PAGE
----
In a blow to Cambridge-based Genzyme Corp., the European Union’s chief drug regulator said Tuesday that doctors should not prescribe a Genzyme drug to new patients because of continuing shortages. The European Medicines Agency said that physicians should instead prescribe a competing drug made by Shire plc, a U.K.-based drug company whose Human Genetics Therapies division is headquartered in Lexington and Cambridge, England.
EU regulators said Genzyme told them that supplies of Fabrazyme, to treat the rare Fabry disease, would not return to normal until the end of the year. In a supply update dated June 29, Genzyme also said that shortages would worsen this summer, resulting in some patients not receiving scheduled doses at all. The company has been producing 30 percent of the needed supply over the past several months and had previously said that the introduction of a new cell bank in June would help to ease the shortage.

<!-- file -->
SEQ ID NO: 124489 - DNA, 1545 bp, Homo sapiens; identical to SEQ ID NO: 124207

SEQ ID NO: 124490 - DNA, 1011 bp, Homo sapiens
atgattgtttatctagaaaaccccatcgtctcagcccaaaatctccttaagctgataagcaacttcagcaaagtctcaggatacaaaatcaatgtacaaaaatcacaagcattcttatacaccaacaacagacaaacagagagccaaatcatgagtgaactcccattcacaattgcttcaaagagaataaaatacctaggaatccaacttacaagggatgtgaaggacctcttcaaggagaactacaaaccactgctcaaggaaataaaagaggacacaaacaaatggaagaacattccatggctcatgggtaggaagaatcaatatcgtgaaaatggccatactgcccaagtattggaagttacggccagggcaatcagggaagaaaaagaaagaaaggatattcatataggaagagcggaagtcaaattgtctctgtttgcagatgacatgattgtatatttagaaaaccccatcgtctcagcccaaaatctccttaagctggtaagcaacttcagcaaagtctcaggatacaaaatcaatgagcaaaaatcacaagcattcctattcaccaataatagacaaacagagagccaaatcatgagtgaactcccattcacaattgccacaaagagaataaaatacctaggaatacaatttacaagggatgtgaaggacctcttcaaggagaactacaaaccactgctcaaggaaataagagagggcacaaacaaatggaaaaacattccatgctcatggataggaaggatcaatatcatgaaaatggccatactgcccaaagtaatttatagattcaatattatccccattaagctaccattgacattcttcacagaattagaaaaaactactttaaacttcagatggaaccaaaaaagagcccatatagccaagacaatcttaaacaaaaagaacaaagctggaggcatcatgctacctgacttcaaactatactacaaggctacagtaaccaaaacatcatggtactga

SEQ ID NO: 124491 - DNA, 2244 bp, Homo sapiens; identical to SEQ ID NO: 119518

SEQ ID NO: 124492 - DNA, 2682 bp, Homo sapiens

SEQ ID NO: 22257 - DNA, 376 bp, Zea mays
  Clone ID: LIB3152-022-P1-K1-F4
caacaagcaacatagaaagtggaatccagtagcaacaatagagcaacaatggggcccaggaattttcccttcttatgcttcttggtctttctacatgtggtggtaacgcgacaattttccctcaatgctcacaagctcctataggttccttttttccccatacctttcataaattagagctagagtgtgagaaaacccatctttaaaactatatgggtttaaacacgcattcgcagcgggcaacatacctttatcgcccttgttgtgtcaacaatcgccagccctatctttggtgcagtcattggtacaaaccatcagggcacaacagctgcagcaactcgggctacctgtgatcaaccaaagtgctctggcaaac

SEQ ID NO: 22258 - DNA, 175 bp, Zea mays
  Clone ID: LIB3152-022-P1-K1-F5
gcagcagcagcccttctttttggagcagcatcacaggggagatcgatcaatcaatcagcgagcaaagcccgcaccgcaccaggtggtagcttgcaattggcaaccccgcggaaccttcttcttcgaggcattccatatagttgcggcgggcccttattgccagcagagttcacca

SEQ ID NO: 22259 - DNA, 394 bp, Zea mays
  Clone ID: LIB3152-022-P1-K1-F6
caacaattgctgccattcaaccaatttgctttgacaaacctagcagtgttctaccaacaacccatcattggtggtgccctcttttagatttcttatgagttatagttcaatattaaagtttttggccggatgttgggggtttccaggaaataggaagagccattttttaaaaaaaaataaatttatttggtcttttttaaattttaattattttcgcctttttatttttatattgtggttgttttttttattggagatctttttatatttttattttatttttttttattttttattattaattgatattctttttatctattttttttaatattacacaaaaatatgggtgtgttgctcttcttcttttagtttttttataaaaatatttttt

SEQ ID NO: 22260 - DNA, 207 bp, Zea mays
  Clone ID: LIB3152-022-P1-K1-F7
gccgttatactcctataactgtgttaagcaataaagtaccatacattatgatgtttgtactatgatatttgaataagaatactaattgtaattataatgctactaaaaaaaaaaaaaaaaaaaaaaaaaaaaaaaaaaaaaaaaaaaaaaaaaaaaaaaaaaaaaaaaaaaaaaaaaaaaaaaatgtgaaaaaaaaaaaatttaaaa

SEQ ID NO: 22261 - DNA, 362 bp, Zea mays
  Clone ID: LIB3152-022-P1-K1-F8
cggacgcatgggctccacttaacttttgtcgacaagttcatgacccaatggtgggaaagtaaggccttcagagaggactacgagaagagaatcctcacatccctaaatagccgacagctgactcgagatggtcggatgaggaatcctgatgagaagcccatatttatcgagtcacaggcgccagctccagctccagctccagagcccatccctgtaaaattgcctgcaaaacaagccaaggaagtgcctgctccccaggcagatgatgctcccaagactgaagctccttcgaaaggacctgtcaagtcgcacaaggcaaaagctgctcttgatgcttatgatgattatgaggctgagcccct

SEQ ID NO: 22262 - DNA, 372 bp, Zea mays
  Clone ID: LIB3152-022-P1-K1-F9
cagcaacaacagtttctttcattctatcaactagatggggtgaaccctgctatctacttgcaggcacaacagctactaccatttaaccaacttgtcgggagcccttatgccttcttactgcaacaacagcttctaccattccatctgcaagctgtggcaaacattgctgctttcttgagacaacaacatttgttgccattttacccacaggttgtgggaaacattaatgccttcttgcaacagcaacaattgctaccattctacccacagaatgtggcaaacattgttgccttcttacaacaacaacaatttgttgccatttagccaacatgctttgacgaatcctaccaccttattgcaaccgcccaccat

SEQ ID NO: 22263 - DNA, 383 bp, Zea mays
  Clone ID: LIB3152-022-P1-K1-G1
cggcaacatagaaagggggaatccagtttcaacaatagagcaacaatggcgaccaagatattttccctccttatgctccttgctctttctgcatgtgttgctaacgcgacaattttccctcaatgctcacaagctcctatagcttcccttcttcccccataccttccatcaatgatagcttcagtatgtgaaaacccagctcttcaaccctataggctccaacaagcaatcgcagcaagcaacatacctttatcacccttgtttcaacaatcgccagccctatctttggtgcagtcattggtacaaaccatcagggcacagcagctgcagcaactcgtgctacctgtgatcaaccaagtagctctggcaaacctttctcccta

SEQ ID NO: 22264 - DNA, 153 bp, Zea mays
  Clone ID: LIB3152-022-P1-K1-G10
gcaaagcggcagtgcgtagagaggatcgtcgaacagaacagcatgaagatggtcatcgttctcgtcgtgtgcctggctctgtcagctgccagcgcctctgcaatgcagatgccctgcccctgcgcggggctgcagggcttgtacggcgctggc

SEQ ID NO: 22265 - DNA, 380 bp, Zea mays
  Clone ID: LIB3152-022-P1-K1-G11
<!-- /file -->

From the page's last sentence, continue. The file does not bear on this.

Inventories of the drug have been a casualty of persistent manufacturing problems at the Genzyme plant in Allston. The plant was temporarily closed  for six weeks last summer , and continuing issues prompted a serious enforcement action by the U.S. Food and Drug Administration, called a consent decree , earlier this year.
The company wrote in the supply update that the new cell bank is not yet producing the targeted levels of cells, and that the supply will be further disrupted by additional manufacturing steps put into place as part of the FDA consent decree. Genzyme officials also said that previously disclosed water system problems in April have also impacted Fabrazyme inventories.
European regulators said no new patients should be started on Fabrazyme unless there is no other option and even suggested that patients taking small doses of Fabrazyme consider switching to Shire’s drug. But EU regulators made it clear that these recommendations are temporary and do not affect the approval of Genzyme’s drug. Shire’s alternative, Replagal, has not yet been approved in the United States. However, the drug has been fast-tracked by the FDA , and the regulator has given Shire permission to provide the drug, on a limited basis, prior to approval.
Genzyme’s (Nasdaq:GENZ) shares dropped on the news, to $50.95, from $52.80 at the previous close, in midday trading Tuesday. Meanwhile, Shire’s (Nasdaq:SHPGY) stock rose in midday trading, to $63.56 from $62.31 at the previous close.